As heavy rain and strong winds continue in conjunction with Hurricane Sandy, farmers along the eastern U.S. are reporting limited damage, media reports say.
Cotton and soybean crops appear to have suffered little damage in parts of Virginia, several farmers told TidewaterNews.com. John Claud said he’ll just need to wait for his soybean crop to dry out before harvesting can continue.
Speedy harvesting underway on the East Coast before the storm likely will limit damage to crops, The Economic Times reported on its website. Allendale Inc. chief strategist Rich Nelson estimated about 4 million acres of corn remained to be harvested in Indiana, Michigan, Ohio and Pennsylvania.
Elsewhere, the storm forced a New Jersey farmer to quickly move 35 gypsy horses from New Jersey to eastern Missouri to avoid flooding and the possible collapse of trees, JoplinGlobe.com reported.
Earlier, the hurricane destroyed 20 to 30 percent of coffee farms in Cuba, FoodWorldNews.com reported.
On Monday, Pennsylvania Agriculture Secretary George Greig urged farmers, particularly in eastern Pennsylvania, to prepare for the potential of heavy rains, flooding and high winds.
"Hurricane Sandy has the potential to cause significant damage to crops and property," Greig said. "Farmers should prepare now to minimize losses."
Greig offered the following tips to help agricultural producers minimize damage caused by floodwaters:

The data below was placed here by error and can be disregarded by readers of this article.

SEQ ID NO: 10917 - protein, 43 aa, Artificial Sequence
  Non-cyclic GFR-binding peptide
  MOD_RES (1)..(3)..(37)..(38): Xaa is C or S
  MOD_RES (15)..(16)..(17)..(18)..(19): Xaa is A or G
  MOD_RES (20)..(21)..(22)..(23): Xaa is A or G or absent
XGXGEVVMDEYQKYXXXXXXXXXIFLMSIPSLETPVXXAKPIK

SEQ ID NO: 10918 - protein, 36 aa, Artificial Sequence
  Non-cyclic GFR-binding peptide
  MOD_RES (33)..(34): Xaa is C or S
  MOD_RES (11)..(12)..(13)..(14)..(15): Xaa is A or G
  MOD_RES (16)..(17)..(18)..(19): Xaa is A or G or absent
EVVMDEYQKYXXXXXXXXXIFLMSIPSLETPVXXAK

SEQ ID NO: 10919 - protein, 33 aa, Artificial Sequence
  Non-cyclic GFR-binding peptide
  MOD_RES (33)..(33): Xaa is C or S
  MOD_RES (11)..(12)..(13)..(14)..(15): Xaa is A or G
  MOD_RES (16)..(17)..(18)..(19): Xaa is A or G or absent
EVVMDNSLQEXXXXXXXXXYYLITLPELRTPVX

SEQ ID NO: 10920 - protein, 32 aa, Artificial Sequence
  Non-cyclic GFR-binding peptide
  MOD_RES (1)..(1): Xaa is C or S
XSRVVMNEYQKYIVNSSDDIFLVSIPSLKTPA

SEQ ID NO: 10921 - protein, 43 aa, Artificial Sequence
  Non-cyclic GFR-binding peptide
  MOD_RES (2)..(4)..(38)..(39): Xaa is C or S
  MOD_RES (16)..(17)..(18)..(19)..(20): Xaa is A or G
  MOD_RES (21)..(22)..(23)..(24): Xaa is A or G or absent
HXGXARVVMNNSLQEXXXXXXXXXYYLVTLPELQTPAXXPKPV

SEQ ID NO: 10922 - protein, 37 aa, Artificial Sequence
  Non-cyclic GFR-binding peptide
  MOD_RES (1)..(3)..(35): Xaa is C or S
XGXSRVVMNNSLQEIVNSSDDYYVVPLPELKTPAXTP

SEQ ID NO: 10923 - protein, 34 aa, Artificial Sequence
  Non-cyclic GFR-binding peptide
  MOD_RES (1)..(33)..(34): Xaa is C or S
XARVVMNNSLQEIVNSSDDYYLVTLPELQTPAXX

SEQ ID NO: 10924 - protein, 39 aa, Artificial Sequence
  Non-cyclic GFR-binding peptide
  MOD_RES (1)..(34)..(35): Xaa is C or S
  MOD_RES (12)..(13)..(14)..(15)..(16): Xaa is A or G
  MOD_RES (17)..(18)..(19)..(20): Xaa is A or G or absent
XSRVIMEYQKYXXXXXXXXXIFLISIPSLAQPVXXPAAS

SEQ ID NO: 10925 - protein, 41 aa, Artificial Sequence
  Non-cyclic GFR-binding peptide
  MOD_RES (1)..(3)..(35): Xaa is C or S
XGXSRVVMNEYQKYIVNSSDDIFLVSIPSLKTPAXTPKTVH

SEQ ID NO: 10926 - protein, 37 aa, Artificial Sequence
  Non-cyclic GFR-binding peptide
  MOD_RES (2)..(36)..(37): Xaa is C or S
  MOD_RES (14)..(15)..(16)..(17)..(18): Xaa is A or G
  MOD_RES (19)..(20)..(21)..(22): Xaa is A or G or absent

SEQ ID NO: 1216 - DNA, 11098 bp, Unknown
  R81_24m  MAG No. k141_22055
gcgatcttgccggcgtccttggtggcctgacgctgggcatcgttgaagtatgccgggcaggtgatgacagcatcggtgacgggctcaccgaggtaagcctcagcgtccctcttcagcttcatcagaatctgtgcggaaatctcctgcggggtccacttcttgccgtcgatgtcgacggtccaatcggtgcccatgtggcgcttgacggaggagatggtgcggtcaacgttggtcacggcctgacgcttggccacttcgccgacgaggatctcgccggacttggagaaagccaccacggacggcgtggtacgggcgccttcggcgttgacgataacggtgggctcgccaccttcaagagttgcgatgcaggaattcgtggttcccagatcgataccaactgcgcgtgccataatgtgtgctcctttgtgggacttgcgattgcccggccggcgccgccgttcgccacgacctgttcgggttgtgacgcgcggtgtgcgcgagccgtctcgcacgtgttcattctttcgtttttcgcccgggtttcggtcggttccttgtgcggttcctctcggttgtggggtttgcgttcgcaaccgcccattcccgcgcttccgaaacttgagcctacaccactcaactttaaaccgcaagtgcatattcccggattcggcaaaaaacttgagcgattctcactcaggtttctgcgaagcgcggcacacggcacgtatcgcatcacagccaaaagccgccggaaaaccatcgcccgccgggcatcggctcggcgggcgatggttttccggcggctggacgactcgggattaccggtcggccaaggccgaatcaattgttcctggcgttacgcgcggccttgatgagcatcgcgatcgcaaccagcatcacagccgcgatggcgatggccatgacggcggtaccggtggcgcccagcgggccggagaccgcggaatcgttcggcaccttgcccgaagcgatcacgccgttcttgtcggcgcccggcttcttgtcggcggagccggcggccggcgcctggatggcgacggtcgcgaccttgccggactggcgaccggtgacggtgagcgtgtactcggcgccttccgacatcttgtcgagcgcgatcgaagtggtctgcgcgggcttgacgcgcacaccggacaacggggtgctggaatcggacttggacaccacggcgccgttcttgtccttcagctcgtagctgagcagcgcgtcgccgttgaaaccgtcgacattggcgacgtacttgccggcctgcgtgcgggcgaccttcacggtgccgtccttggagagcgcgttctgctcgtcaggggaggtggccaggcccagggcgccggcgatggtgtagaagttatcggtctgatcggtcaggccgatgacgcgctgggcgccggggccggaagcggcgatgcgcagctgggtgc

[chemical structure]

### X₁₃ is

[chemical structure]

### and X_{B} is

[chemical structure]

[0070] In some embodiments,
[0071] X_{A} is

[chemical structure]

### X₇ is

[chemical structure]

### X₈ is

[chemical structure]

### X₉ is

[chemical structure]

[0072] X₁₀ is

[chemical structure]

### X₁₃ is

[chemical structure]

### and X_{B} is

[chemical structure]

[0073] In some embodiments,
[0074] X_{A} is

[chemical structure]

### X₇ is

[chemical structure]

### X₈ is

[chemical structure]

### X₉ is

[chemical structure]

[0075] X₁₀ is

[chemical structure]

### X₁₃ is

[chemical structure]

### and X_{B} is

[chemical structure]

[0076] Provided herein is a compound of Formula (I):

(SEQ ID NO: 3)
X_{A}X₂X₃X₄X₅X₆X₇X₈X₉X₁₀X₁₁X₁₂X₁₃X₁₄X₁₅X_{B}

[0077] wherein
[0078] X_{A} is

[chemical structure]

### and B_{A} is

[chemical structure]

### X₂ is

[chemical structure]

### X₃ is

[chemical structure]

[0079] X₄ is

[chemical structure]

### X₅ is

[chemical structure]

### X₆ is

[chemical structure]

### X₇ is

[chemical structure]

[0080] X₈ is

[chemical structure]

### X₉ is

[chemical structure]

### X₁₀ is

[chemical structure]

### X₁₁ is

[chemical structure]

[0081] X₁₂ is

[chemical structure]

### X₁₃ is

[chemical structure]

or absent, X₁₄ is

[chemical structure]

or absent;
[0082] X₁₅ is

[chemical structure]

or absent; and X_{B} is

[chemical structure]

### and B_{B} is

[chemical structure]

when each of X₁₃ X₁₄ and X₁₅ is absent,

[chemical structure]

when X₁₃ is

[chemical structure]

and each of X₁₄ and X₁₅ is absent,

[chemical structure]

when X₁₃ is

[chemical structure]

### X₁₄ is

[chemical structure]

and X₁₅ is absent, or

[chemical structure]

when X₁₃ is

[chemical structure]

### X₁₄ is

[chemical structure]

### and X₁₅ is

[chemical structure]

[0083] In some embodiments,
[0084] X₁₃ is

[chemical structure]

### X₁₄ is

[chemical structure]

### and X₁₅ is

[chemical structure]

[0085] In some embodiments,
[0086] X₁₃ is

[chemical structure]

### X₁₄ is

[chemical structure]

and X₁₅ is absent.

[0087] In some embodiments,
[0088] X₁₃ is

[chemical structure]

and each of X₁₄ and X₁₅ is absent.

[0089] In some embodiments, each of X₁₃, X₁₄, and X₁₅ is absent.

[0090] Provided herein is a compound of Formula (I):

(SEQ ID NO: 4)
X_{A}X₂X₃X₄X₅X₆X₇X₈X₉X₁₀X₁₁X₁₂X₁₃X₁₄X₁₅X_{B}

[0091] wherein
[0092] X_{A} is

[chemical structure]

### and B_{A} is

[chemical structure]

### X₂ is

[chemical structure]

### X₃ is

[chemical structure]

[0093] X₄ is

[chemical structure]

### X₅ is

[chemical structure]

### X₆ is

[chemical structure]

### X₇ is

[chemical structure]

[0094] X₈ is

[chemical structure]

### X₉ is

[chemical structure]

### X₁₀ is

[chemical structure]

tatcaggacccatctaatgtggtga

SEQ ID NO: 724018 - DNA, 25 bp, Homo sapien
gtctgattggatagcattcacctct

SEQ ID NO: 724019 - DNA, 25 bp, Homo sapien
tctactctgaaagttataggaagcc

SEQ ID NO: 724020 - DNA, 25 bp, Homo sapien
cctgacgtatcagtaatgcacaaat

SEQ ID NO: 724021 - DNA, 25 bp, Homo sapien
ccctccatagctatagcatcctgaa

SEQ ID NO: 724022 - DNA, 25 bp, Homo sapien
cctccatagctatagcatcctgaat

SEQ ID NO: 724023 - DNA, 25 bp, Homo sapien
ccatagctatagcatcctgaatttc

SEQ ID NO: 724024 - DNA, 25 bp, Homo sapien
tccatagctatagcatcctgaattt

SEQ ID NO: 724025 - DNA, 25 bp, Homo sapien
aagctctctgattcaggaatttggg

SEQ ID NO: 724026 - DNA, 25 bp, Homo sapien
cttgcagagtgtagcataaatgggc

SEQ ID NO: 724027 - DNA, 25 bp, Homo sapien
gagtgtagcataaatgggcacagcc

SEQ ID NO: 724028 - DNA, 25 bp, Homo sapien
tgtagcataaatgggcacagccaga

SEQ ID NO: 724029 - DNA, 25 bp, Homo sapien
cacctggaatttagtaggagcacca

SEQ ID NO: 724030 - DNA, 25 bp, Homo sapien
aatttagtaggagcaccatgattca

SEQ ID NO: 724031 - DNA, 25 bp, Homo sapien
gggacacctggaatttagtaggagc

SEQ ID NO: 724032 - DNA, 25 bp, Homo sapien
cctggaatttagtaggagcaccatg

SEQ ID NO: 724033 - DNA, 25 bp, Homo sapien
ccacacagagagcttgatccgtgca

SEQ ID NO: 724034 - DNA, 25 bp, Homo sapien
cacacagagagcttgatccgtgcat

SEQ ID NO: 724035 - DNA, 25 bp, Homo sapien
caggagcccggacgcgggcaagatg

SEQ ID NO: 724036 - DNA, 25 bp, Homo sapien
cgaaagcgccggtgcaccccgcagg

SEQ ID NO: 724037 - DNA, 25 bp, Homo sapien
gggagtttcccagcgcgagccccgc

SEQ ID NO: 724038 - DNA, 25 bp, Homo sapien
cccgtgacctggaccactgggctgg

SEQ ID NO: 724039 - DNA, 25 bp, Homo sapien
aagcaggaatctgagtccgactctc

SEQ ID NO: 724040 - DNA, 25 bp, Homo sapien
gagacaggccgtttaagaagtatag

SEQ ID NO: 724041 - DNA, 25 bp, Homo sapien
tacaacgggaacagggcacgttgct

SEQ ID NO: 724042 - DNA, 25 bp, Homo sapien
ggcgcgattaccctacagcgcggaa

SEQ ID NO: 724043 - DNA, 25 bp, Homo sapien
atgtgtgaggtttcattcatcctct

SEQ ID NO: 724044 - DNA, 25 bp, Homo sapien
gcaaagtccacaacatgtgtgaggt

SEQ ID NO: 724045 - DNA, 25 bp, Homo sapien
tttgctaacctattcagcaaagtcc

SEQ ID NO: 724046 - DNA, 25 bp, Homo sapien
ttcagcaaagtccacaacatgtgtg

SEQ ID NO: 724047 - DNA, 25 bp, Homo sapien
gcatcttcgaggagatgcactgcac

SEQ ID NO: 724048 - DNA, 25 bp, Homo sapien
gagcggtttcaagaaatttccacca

- Ensure manure storage area has sufficient capacity, as rains can add to depth.
- Relocate livestock and animals from low-lying, flood-prone areas.
- Move machinery, feed, grain, pesticides, herbicides, forage bales and nursery stock to higher elevation.
- Store enough livestock feed and water for 72 hours.
- Fill generators with fuel and test them to ensure they are in good repair.
- Disconnect electric power to all buildings that may flood.
Crop farmers should:
- Notify their crop insurance agent within 72 hours of discovery of crop damage.
- Leave intact all residue and crop damage until insurance agents can properly assess extent of damage.
- Contact their agent or the Pennsylvania Department of Agriculture at 717-705-9511 with questions about crop insurance.
For more information, visit pema.state.pa.us.
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